Tuesday, 19 October 2010

Cluj in the Afternoon

 It is 4AM and I have jet lag. They were doing noisy street repairs outside my window and it got hot so I had to open the window - now all is quiet but I thought I should write a little about the images I have uploaded.

This is the birth house of Matyas Corvinus, one of Hungary's greatest kings.  There is a beautiful passageway to a garden inside through the big wooden door,but the concierge wouldn't let me go into the garden because it is now an art school and I wasn't a student.
Below is a big university. I've forgotten which one. There are many here in Cluj.

This is is on the northeast section of the main square with St. Michael's behind us.

 One of the first things I did in the afternoon was go to the grocery store. There was an incredible variety of cold cuts and sausages.

The store in fact was mostly meat, cheese, chocolate and alcohol.

I wish we had a section with hanging sausages in the U.S.

The fruit and vegetable section was comparatively small, but I suspect you get most of these things from your corner vegetable grocer. I've seen a few here and there (but not as many as bakeries!!)

I took that picture for my Mom, because she loves figs and they had huge beautiful purple figs on the top shelf to the left.

Above is the so-called Mirror street. The buildings are identical on either side of the street.   


Next I stopped at a big University and took some pictures. This may be the somewhat controversial Jesuit school - Babes-Bolyai University. There is a long history of animosity between the Hungarians and Romanians here and for a while the Romanians forbade teaching Hungarian and then when Hitler gave Transylvania back to the Hungarians turnabout seemed fairplay.

For awhile after the war there were separate Universities for each culture and then they were forcibly merged and then in 1997 demerged again. All I know is that this is a beautiful place. Gigantic in scope it has two courtyards on either side with gorgeous bright yellow tiles and a very Italianate renaissance look.

 Here is the second of the two court yards.

After I exted the universty I seemed to run into a portion of the old medieval city wall.

This section is blocked off from traffic (probably to preserve the historic quality of the streets and wall ). It is stunning to suddenly turn a corner and see this lovely old stone work.

Evidently the homeless also find it hospitable. No people were there, but there were coats and signs of bedding.

There is quite a lot of graffiti in Cluj, some of it quite lovely. The Austrian man at the airport complained of this, but it gives the town its own character.

Next I headed down Republicii street, thinking I would visit the big grave yard in the south. I was assured I did not need to worry about vampires, although it was really rain I was worried about.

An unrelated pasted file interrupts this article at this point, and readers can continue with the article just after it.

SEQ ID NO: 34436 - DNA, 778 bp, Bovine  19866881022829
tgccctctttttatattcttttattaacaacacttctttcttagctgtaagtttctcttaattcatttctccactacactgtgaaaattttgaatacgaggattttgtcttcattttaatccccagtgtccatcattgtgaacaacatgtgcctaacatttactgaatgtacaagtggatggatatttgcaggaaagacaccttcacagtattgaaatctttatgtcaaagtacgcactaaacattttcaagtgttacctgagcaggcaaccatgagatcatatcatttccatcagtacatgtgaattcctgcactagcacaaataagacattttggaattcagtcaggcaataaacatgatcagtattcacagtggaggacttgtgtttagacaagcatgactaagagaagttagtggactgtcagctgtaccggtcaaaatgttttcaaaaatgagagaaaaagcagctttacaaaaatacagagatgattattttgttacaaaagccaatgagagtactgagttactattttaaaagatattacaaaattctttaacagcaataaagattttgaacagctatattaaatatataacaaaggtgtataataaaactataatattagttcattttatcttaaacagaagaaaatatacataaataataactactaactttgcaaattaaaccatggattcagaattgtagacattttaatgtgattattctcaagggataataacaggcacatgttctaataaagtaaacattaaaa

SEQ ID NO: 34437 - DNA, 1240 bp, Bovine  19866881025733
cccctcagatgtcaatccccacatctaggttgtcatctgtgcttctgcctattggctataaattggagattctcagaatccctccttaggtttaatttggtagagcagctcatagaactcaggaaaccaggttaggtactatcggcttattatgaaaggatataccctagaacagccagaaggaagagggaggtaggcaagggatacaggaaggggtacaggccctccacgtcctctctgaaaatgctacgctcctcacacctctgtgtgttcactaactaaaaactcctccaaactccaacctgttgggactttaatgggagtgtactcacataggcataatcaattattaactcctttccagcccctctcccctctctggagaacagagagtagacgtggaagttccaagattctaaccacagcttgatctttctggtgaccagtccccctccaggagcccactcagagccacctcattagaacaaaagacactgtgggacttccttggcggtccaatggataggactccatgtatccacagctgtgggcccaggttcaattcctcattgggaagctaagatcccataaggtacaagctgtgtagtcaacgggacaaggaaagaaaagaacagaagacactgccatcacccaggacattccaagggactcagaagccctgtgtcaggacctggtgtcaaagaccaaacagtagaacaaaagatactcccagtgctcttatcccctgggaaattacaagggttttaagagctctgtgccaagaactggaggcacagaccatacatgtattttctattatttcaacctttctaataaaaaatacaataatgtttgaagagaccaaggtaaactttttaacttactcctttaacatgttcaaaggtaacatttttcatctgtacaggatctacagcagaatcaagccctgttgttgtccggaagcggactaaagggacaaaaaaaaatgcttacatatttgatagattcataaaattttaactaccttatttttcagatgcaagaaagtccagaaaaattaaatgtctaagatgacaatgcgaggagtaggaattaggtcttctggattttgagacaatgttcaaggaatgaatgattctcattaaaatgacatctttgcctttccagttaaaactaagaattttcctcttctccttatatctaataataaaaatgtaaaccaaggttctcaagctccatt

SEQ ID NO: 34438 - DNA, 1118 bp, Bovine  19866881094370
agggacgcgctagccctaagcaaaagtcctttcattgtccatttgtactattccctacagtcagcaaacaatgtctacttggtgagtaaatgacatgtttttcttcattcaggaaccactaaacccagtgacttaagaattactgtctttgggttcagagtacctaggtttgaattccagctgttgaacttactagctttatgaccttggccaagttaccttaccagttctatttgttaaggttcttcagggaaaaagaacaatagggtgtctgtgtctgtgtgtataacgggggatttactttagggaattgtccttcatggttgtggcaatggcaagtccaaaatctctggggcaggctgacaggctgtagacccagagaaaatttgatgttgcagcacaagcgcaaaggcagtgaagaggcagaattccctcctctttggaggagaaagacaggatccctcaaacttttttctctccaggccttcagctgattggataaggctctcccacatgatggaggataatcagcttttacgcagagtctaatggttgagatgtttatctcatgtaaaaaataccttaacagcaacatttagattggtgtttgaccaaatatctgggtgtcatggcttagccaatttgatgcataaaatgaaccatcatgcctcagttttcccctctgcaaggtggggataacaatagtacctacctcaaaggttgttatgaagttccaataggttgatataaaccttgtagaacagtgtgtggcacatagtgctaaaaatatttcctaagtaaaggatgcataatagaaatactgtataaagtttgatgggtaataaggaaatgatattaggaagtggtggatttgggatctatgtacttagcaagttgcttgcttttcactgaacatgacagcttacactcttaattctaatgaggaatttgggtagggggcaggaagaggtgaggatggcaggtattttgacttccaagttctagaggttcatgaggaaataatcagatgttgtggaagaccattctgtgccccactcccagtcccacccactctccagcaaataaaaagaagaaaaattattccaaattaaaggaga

The textures and colors of the trees along this street do not come across in my photos.

Unfortunately this lovely building was in ill-repair, but you could see that it used to be some wealthy estate (possibly for the wealthy Hungarians that used Cluj as their domicile when they ruled Romania.

I've been very taken with the iron work that has many differnet forms here. The geometric detail on this house is also quite typical of the region.

This seems to be some kind of psychological school or establishment.  Unfortunately the weather was starting to worsen, so it is not nearly as attractive in the photo as real life.
  And a funny thing happened on the way to the cemetery. I ran into the Botanical garden that I had helped me choose my hotel. I chose Hotel Capitolino, because I knew I would want to visit the Alexandru Borza (Gradina) Botanical Gardens that were nearby.

It is a gigantic place and I barely scratched the surface. I had asked the gate keeper to do me a favor and take care of the weather, but to no avail. The longer I stayed the rainier it got.

There are many sections dedicated to the plants of different continents. It was pleasant to see so much statuary integrated into the planting environments. This is the museum and offices.

Everywhere autumn was plain to see.

Somehow I happened upon the Japanese garden, which was fortunate because they had a roofed area and it was beginning to drizzle.

I picnicked here, before heading to a couple of the buildings.

There was a huge palm house with three different areas. This one had a pond.

The palms were absolutely huge and there were two glass rooms with some of the windows broken out between them (perhaps for circulation - although the breakage was not always smooth - so I wondered if it might have to do with vandalism. There were sharp pieces sticking out from some of the frames.

This was the view as I left the Palm house. Now it had really begun to rain. I decided to skip the cemetery and head back to the hotel, which was conveniently nearby.

I wandered along this little path that had  very smooth round rocks set along the edge of the path.  On the way home there were more interesting buildings of course.

There was a little church with some old looking graves in front. Quite charming.

I also passed this lovely ironwork again with geometric designs on the house exterior.

At the hotel I made plans for dinner and the next day!

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